Local Parents Enrich Family Life with a Family Restaurant
Natalie Schwartz can’t imagine a better job than working as the hostess at Natalie’s Taste of Lebanon in Richmond’s West End. “She loves being a hostess,” says her mom, Dr. Anne-Marie Irani. “She loves interacting with people.”
Irani and her husband, Dr. Larry Schwartz, both allergists/immunologists at VCU Health, opened the restaurant in December 2016 to help make their 26-year-old daughter’s desire for steady work a reality.
Natalie was born with Williams syndrome, a genetic condition that causes her to have difficulty with certain tasks. Most often, people with the condition are outgoing with engaging personalities and an interest in other people. “Natalie has a loving personality,” Irani says, adding that Natalie’s brothers Paul, Marc and Danny adore their sister.
Irani started thinking about opening the Lebanese restaurant several years after Natalie graduated from high school and the family discovered there was insufficient support and resources for adults with special needs.
After school Natalie completed training with Positive Vibe Café, and had internships with the YMCA and in the office of Senator Tim Kaine. She worked at a few restaurants and was serving as a hostess in a Lebanese restaurant until it closed. Irani could see how much the hostess job meant to her daughter and how it saddened her when the restaurant closed.
That’s when the idea of opening a restaurant popped into Irani’s head. “We have been going to Lebanon every summer and Christmas with Natalie,” she says. “She loves the culture, the food, the people and the music.”
She realized opening a restaurant was a “crazy idea” but she also knew it could be a good venture – there wasn’t another full-service Lebanese restaurant in the area at the time. “It took a while to find a place,” she says. “There was the question of going into a big mall or a place where you can find easy parking.”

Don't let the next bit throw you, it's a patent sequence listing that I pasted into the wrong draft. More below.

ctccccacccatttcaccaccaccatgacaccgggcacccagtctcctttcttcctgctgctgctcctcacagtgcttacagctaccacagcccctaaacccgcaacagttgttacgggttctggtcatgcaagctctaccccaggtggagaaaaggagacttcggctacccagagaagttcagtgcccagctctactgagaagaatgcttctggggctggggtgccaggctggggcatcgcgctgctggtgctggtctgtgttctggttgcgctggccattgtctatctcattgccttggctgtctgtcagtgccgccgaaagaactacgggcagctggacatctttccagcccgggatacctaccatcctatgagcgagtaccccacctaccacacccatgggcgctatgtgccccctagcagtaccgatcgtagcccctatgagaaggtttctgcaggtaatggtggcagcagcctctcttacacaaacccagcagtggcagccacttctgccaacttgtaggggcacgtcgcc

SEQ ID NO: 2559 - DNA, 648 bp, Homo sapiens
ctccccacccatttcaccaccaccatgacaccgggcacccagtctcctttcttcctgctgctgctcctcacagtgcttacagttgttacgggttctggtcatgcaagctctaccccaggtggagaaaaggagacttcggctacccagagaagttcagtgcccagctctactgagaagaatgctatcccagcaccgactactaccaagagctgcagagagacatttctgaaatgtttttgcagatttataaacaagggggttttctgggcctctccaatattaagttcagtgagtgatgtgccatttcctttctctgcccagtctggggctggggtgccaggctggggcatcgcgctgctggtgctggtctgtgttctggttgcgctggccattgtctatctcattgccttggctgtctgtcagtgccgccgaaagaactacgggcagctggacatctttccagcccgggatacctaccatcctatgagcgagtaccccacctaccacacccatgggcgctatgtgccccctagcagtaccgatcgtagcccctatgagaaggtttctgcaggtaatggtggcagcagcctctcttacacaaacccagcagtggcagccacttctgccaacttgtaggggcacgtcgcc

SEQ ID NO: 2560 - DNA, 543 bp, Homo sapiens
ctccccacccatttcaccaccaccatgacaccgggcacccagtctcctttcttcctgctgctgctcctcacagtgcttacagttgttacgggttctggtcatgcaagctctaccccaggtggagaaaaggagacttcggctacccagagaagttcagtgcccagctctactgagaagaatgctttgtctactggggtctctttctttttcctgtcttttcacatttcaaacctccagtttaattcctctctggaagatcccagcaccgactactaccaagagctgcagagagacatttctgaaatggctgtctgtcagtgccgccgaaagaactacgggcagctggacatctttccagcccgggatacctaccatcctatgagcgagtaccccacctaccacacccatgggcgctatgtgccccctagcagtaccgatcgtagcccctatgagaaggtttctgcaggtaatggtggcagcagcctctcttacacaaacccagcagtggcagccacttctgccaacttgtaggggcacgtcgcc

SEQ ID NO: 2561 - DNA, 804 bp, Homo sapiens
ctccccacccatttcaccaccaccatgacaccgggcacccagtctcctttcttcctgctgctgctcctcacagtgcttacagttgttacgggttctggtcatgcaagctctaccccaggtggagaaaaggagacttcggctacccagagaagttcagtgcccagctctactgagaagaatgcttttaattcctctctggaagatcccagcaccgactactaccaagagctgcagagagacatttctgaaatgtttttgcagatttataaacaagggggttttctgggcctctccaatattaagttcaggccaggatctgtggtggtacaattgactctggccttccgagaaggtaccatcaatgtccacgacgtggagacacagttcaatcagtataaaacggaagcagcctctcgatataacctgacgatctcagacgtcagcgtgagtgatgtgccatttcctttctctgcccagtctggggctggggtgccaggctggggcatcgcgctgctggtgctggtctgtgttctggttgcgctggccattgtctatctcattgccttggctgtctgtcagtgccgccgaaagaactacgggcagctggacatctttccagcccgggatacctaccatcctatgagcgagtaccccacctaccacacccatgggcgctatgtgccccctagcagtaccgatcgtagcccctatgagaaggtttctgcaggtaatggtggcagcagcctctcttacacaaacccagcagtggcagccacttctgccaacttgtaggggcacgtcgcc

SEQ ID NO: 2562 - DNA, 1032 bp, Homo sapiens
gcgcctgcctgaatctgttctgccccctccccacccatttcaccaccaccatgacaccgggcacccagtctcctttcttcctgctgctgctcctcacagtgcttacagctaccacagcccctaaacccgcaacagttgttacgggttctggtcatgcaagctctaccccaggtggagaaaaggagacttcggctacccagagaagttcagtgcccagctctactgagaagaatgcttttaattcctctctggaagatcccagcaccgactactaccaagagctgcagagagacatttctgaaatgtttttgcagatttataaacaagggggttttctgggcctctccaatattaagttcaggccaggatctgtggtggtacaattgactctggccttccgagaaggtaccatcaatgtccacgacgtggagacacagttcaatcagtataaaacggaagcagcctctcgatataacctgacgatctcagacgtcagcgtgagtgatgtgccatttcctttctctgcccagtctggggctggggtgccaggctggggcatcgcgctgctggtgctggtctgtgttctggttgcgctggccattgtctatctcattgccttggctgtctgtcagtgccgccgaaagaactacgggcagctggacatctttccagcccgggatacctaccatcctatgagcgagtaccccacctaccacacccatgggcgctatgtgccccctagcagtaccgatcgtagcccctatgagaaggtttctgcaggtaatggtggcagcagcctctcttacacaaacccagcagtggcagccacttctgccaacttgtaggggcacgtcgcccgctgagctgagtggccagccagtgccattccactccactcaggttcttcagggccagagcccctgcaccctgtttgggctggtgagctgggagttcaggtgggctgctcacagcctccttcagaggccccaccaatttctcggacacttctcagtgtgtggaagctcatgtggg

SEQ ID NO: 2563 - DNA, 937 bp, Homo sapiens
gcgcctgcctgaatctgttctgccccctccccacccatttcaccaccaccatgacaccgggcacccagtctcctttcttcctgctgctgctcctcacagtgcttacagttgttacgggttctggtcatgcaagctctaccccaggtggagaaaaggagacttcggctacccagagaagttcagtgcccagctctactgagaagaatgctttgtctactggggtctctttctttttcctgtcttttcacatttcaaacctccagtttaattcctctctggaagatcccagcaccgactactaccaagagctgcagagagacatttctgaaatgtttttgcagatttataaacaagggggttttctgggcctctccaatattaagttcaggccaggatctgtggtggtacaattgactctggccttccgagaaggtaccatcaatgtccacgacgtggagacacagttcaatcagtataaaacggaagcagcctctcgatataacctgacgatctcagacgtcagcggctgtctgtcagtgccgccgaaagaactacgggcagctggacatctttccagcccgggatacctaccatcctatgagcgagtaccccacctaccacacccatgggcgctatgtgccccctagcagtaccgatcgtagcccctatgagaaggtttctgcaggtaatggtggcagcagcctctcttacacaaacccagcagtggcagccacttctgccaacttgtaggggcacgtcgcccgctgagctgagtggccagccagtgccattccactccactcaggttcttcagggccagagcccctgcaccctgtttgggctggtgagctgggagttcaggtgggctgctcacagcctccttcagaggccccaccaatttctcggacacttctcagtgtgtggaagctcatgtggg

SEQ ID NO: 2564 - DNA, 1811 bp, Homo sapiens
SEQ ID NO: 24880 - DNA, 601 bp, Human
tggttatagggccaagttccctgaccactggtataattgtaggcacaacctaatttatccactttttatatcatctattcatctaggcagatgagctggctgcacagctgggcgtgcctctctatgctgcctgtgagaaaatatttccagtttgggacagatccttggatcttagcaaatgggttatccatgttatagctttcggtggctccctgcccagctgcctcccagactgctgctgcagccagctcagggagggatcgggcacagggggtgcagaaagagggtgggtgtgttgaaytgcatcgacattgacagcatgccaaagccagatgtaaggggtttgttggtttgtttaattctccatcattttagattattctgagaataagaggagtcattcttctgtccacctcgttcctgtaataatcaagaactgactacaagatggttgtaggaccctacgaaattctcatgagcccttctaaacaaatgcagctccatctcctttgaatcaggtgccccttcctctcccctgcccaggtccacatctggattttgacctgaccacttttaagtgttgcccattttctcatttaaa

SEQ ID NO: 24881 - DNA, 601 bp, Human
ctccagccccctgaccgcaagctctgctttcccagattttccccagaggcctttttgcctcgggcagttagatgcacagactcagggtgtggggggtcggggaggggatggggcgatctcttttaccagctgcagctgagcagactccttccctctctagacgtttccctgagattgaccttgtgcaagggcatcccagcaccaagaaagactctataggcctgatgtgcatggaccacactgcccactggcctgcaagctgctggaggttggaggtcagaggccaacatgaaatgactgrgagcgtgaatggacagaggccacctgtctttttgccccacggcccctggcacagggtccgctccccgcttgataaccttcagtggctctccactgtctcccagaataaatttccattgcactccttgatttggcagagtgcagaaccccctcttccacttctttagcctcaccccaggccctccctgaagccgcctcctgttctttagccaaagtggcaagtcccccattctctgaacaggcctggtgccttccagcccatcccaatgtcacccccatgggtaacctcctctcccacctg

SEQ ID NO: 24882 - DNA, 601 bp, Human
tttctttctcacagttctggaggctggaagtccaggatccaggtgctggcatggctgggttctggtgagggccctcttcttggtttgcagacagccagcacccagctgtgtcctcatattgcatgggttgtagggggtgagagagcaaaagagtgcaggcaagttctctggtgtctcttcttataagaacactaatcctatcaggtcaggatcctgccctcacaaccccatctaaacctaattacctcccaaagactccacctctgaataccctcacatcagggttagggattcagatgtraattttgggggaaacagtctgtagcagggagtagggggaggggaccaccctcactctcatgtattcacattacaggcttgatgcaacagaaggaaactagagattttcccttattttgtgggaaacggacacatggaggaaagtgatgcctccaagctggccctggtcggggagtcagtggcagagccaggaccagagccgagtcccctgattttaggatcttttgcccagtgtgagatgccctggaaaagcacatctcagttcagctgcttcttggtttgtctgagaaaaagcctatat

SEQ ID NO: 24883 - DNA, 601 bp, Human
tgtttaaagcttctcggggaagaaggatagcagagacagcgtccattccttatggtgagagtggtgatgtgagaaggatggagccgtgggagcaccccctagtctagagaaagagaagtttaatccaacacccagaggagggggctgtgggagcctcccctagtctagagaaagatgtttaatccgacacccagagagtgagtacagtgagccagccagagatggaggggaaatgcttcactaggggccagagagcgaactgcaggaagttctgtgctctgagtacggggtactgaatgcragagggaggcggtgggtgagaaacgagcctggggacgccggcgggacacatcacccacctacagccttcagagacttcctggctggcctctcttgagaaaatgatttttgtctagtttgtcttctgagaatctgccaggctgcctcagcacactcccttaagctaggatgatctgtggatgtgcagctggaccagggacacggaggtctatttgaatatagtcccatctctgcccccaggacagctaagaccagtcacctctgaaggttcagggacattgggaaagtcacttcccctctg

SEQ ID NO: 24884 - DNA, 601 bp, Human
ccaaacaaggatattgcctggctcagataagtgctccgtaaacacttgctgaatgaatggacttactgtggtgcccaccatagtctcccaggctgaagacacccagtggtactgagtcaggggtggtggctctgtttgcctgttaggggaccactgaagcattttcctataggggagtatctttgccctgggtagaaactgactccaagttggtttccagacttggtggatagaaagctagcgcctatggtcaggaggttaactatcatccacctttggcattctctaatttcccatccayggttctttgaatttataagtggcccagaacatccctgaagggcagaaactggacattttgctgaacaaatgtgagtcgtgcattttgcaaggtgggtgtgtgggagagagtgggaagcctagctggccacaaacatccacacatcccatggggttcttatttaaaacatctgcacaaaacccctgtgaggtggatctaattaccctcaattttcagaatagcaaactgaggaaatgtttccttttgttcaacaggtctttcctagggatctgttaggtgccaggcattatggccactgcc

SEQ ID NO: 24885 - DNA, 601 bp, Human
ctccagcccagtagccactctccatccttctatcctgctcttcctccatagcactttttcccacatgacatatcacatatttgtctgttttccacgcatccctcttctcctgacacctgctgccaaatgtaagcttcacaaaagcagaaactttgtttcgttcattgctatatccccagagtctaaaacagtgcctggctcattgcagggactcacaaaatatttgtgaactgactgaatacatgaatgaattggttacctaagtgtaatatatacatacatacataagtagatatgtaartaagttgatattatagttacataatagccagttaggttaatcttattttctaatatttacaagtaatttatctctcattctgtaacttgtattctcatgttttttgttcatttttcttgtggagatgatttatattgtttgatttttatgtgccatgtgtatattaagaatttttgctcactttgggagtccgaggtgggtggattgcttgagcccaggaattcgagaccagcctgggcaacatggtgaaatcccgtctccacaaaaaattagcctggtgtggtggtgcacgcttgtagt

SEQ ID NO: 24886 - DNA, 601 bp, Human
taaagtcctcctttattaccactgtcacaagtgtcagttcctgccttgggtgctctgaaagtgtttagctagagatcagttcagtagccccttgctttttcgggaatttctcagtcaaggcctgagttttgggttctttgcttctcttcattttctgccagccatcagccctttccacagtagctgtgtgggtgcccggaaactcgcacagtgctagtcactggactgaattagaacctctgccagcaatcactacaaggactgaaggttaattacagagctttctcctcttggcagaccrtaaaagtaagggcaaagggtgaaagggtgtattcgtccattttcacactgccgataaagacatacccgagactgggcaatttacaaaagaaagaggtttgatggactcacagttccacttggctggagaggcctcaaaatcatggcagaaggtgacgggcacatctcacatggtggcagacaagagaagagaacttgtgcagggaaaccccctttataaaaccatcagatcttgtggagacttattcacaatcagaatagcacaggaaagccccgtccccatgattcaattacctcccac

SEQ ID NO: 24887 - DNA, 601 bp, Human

The family decided on a space in The Shops at Twin Oaks on Cox Road in Henrico. Irani decided to decorate the restaurant like she would decorate her home – think light and bright, with creamy white and Mediterranean blue accents.
She traveled to Beirut to find just the right art. “I went to the antique market,” she says. “These old pieces of art came from homes. I wanted to bring in a little bit of Lebanon.”
All of the cooks in the kitchen are from the Middle East. Several are from Lebanon, but Irani has hired three Iraqi cooks as well. “We have another whole Lebanese family – mom, dad and daughter – working here,” she says.
The menu reminds Irani of home. Her mother’s dessert, Martha’s namoura, was one of Irani’s favorite desserts growing up. “I found the recipe in her handwriting. It’s very special to me. It really is home cooking,” says Irani. “When I go to the restaurant, I feel transported back home. Some of the items you see on the menu is what we eat every day growing up in Lebanon.”
Since opening, Irani has hired Daniel Ingold, previously with Positive Vibe Café, as a manager. She has also been able to recruit a few employees with special needs.
While it was a risky venture – most restaurants are – she has been pleased and impressed at what Natalie is doing in her job. “She’s not just taking people to the table. She also takes orders, answers phones and asks all the right questions. She will go around and talk to people who are sitting down to make sure they are doing well,” Irani says, adding that lunch regulars know Natalie and always start up a conversation. “She loves doing this.”
She acknowledges the restaurant is a lot of work but “it’s incredibly rewarding,” she says. “Natalie is so happy. You can’t have more of a reward than to have your daughter tell you how happy she is and how much she loves the restaurant.”